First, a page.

California

In 1997 an instructor by the name of Tara Stiles began offering T’ai Chi Chih (a hybride T’ai Chi/Qigong form) inside of Folsom State Prison.  Justin Stone, the originator of T’ai Chi Chih, was so supportive of this kind of work that in 1998 he personally paid a visit to the prison and gave a lecture to the men there.

In 1998 Judy Tretheway took over the Folsom class and taught it for the next 13 years.  I met Judy in 2009, and became her assistant. In 2011 Judy retired and I have been teaching the weekly class there ever since.  (Please see my blog entries.)   It has changed me in ways I never anticipated, and I am so grateful for the opportunity and the experience.

Julie Heryet

Folsom Pathways Sangha is the Buddhist community at Folsom State Prison, Folsom and California State Prison, Sacramento. There is one sangha at Folsom, also known as Old Folsom — and two sanghas at SAC, also known as New Folsom. The entire community consists of 15 volunteers and approximately 75 inmates. Volunteers and inmates represent the three major Buddhist traditions. Our focus is to provide the men the opportunity to practice meditation and mindful movement, and to experience the Buddhist path as a way to experience freedom, even while incarcerated.

Diane Wilde

Both Buddhist meditation weekly sessions. Buddhist meditation consists of 30-minute sit, 50-minute discussion, and 10-minute sit at the end, drawing from a variety of traditions. A Japanese sensei comes monthly.

Stuart Clancy

 
GETTING OUT BY GOING IN (GOGI) offers low cost and donor-funded inmate self-study and group study programming to achieve the goal of release preparation and lowered recidivism rates. GOGI is respected as an authority in prisoner leadership training, education for maximum security and specialized demographics of prisoners.
Offices in California, programming nationally.
 

Coach Mara Leigh Taylor

Insight Prison Project was founded in 1997 with one class for 14 male prisoners at San Quentin State Prison. Today, IPP offers unique and effective programs for thousands of men, women, and youth at 15 state prisons, three county jails, several reentry facilities, and one juvenile institution.

We are a restorative justice based organization that goes into prisons to offer programs about accountability, empathy, emotional intelligence, and restorative justice.

Insight-Out organizes initiatives that create the personal and systemic change to transform violence and suffering into opportunities for learning and healing.
Our mission is to provide services and self-development opportunities to prisoners and challenged youth and empower them to positively transform their predicament.
In 1997, Jacques Verduin founded the Insight Prison Project (IPP). Under Verduin’s leadership, IPP pioneered innovative in-prison rehabilitation programs designed to create transformational change among prisoners at California’s San Quentin State Prison and prepare the men to become worthy and contributing members of the community upon leaving prison. The programs at San Quentin continue to reach 300 prisoners a week.

In 2011, Jacques founded ‘Insight-Out’ (ISO), a community initiative that employs selected former prisoners, trained inside San Quentin in the areas of emotional literacy, violence prevention and mindfulness.

These men (whom we proudly call, “Change Agents”) specialize in: 1. Working with troubled youth in the communities of the SF Bay Area. (Youth centers, high schools, etc.). 2. They are also ideal candidates for training their brothers and sisters, who are still locked up, in these programs that offer a path on how to transform their lives.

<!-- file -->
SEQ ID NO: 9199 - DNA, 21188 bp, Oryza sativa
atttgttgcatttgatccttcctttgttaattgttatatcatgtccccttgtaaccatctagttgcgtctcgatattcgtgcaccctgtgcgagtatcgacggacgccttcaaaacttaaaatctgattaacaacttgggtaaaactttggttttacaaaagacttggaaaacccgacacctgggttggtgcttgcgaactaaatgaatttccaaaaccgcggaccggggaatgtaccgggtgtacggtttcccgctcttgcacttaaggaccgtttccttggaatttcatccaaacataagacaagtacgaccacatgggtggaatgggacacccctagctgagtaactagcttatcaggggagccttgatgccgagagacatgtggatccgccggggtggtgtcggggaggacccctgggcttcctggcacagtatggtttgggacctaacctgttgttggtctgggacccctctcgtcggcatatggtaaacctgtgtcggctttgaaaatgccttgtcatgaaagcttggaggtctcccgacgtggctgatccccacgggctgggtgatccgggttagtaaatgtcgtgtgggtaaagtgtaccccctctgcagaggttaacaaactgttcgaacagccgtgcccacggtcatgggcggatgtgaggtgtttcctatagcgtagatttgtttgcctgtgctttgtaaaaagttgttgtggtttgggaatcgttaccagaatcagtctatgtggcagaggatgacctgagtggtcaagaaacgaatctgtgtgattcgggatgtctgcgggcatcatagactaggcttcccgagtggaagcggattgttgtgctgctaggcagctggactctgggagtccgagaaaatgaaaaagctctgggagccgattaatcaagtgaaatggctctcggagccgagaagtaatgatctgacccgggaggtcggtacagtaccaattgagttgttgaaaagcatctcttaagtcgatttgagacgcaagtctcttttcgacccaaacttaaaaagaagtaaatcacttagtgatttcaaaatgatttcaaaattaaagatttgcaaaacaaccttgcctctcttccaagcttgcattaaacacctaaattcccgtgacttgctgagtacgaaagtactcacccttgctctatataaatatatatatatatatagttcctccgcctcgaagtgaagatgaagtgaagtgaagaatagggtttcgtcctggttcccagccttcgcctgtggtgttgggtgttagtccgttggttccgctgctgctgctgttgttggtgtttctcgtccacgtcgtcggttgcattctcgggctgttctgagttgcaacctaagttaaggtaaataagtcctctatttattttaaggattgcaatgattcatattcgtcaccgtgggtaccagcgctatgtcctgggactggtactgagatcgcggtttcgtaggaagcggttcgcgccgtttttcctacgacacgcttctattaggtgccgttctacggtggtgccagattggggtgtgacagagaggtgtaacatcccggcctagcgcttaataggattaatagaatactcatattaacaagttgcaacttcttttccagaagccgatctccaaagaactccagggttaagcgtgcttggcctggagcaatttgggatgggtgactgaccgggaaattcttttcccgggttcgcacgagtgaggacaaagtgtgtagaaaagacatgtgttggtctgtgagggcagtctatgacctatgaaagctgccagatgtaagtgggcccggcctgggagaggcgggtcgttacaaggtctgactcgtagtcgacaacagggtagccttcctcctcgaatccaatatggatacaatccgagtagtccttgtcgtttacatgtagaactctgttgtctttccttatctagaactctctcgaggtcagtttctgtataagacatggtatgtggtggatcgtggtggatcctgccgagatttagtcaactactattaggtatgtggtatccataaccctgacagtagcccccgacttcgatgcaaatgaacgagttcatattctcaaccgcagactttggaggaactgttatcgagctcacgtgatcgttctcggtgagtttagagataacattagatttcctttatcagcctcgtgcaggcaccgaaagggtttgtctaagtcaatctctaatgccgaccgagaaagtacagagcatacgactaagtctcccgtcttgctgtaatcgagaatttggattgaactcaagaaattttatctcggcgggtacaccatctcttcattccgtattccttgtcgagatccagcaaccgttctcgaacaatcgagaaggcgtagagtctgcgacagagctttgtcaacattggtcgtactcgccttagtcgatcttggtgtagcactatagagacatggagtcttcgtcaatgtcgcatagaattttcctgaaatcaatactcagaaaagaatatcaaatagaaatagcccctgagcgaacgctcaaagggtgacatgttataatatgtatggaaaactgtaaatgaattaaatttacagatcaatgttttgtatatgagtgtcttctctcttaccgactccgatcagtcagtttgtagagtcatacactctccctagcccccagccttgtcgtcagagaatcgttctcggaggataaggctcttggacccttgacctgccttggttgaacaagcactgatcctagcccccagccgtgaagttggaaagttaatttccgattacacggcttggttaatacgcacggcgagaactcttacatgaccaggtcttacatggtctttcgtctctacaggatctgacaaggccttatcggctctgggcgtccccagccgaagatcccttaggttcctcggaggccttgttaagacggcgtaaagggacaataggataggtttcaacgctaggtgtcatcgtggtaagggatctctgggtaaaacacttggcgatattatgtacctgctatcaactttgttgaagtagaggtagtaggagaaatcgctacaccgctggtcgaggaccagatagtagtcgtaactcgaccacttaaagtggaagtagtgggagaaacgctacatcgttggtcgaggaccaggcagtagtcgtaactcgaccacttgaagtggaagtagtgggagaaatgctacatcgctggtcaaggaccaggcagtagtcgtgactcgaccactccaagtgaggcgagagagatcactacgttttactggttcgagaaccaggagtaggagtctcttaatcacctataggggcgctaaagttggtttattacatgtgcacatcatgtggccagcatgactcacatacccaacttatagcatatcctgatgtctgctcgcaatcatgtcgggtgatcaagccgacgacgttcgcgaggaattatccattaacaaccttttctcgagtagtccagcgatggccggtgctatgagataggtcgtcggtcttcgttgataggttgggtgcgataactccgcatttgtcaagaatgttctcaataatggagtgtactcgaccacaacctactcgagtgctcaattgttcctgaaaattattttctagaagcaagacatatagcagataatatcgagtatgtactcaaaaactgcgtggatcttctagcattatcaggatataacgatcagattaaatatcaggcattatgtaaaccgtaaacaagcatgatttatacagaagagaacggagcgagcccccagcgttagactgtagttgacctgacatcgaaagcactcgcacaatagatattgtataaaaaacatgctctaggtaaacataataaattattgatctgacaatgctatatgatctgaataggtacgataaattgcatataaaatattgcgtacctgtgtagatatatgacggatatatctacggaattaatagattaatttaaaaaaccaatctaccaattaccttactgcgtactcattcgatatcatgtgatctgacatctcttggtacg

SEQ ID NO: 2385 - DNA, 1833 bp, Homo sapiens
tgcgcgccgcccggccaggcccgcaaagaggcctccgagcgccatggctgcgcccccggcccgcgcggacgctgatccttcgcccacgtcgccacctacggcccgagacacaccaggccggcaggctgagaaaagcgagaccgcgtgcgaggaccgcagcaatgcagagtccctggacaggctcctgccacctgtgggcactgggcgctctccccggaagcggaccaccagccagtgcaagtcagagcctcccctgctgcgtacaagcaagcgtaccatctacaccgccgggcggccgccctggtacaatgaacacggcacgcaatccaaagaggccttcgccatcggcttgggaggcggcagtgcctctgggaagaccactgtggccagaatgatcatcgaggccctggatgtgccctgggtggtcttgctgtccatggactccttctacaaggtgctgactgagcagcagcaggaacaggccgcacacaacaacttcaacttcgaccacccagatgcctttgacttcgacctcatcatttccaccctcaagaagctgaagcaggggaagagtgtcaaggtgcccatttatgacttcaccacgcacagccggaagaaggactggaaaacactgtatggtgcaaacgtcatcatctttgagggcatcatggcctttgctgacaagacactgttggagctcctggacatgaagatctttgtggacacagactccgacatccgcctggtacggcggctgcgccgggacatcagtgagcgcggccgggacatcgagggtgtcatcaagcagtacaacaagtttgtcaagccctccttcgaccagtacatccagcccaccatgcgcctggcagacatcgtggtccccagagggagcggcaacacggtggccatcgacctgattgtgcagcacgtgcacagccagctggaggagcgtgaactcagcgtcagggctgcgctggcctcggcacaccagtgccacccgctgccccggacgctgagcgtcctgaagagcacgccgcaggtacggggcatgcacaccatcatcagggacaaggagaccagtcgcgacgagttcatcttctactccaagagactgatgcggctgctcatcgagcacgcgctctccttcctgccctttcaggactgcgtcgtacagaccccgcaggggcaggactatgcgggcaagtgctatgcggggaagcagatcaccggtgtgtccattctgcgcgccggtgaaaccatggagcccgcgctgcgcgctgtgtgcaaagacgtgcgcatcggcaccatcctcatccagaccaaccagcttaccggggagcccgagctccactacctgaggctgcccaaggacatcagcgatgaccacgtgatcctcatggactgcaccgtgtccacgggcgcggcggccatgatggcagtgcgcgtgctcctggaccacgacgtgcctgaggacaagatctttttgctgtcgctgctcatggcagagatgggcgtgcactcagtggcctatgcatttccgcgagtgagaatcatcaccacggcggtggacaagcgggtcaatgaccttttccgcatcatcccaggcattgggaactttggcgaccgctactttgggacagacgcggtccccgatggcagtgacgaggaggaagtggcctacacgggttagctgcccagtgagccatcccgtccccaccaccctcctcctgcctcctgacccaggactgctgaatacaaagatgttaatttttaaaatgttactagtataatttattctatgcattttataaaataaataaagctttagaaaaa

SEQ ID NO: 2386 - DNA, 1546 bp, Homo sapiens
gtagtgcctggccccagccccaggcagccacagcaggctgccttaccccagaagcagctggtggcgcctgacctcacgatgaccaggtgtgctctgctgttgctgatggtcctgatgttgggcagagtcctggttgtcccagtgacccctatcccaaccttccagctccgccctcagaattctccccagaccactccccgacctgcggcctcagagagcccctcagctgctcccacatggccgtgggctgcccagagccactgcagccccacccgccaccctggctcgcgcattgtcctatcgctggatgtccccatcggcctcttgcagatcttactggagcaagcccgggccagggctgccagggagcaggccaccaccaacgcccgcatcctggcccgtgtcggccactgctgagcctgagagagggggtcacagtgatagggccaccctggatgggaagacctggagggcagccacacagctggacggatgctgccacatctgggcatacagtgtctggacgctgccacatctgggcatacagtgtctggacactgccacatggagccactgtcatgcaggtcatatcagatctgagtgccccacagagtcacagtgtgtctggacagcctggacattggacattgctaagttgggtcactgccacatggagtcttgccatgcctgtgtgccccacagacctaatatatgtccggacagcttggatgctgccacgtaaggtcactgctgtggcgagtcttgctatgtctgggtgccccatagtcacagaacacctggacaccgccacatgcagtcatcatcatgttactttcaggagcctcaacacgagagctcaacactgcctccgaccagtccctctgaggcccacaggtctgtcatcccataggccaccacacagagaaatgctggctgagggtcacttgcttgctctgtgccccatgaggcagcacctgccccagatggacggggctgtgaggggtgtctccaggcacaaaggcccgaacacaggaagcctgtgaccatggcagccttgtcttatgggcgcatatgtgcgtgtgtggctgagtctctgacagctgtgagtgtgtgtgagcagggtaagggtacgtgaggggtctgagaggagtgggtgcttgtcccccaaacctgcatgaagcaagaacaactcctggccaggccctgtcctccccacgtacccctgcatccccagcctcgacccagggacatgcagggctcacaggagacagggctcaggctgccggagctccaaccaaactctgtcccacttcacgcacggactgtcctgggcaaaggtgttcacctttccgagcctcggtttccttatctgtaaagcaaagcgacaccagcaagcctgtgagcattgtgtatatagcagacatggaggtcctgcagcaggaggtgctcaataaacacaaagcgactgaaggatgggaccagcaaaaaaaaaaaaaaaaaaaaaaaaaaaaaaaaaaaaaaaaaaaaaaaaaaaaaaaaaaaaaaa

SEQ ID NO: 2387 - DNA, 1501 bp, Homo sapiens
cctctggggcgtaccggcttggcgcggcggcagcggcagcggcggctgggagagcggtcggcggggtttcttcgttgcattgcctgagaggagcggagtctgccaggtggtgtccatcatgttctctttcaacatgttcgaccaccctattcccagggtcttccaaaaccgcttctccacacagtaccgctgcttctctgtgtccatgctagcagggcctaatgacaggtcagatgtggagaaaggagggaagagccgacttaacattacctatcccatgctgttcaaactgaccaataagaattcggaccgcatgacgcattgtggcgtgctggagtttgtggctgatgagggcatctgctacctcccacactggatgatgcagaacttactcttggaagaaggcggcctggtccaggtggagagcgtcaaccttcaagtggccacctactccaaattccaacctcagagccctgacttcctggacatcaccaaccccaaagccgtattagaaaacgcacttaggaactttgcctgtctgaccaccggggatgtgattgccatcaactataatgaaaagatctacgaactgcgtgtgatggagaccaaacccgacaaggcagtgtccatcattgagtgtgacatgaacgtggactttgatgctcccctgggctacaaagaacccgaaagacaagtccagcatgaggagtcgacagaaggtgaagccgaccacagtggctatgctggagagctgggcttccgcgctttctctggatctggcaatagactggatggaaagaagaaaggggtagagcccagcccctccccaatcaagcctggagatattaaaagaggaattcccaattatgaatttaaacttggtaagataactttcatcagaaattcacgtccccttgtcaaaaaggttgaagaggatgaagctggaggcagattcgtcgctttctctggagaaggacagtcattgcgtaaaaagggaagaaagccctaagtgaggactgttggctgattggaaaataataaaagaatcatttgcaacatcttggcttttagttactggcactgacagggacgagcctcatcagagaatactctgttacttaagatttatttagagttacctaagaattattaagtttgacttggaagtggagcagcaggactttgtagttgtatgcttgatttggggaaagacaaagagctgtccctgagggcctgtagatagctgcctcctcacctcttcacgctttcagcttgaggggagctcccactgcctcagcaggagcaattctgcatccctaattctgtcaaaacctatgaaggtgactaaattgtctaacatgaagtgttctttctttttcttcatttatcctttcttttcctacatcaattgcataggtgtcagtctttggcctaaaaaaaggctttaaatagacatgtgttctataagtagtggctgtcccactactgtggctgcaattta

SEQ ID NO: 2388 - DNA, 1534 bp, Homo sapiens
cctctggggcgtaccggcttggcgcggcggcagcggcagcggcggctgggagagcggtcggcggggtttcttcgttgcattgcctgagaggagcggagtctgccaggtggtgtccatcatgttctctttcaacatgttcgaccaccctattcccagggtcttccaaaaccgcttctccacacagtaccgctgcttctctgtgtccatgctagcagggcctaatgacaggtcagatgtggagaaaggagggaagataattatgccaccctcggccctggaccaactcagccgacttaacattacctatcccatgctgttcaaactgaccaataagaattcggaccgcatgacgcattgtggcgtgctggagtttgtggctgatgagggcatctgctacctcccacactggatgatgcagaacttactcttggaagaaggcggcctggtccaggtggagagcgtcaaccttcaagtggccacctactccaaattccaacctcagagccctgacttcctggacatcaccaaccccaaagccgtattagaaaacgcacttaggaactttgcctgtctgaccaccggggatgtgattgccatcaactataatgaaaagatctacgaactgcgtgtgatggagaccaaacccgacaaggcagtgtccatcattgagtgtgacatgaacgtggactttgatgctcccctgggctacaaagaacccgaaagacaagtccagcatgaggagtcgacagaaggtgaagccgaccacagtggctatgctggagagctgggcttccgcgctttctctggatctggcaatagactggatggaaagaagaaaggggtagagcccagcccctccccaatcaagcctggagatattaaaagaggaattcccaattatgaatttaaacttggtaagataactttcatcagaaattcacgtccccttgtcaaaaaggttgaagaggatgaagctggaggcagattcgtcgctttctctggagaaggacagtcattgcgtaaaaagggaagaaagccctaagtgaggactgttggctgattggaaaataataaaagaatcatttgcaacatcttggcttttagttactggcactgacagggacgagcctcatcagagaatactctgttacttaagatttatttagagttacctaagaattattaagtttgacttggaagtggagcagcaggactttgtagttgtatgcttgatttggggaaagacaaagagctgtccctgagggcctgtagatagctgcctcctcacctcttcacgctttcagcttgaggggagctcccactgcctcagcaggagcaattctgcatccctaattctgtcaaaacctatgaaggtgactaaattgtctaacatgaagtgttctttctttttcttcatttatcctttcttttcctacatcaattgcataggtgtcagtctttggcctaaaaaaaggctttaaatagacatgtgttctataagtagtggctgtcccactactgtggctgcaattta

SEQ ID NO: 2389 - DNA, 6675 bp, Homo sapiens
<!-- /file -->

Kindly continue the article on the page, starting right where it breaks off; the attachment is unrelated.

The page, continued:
Jacques Verduin

Jarvis Jay Masters is a widely-published African American Buddhist writer living on San Quentin’s Death Row. His book “Finding Freedom,” has been praised by Angela Davis and Pema Chodron, and is being used in classrooms as a teaching tool to show children an alternative to violence. An important aspect of Jarvis’ life on Death Row has been his Buddhist practice. At this website read about how Jarvis became a Buddhist, and how meditation has changed his life and affected the lives of his fellow prisoners.

Prisons served: San Quentin’s Death Row

Melody Ermachild Chavis

Outreach activities provided by Kadampa Meditation Center San Francisco include:
1) Sending Geshe Kelsang Gyatso’s books to inmates in jail and prisons around the country and the world who request them.

2) Providing meditation classes to inmates at San Bruno Men’s Jail and SF Women’s Jail.

3) Providing meditation classes to residents and staff at A Woman’s Place homeless drop-in center, Atria Senior Housing, Agesong University Senior Housing, St. Francis Memorial Hospital, and members of the Tenderloin Boys and Girls Club.

Liberation Prison Project offers spiritual advice and teachings, as well as books and materials, to people in prison interested in exploring, studying and practicing Buddhism. A Tibetan Buddhist organization and social services project affiliated with the Foundation for the Preservation of the Mahayana Tradition, since 1996 the project has supported the Buddhist practice of over 20,000 prisoners. Active mainly in the U.S. and Australia, where we are established as nonprofit organizations in San Francisco and the Australian Blue Mountains, we also have branches in New Zealand, Spain, Mexico, Mongolia and Italy.

Our Mission
To help youth transform harmful behavior and live meaningful lives through mindfulness meditation and emotional awareness.

Founded in 2000, MBA designs, delivers and researches mindfulness and emotional literacy programs for at-risk youth. MBA also trains educators and youth service providers nationally and internationally.

Roger Miller, Executive Director
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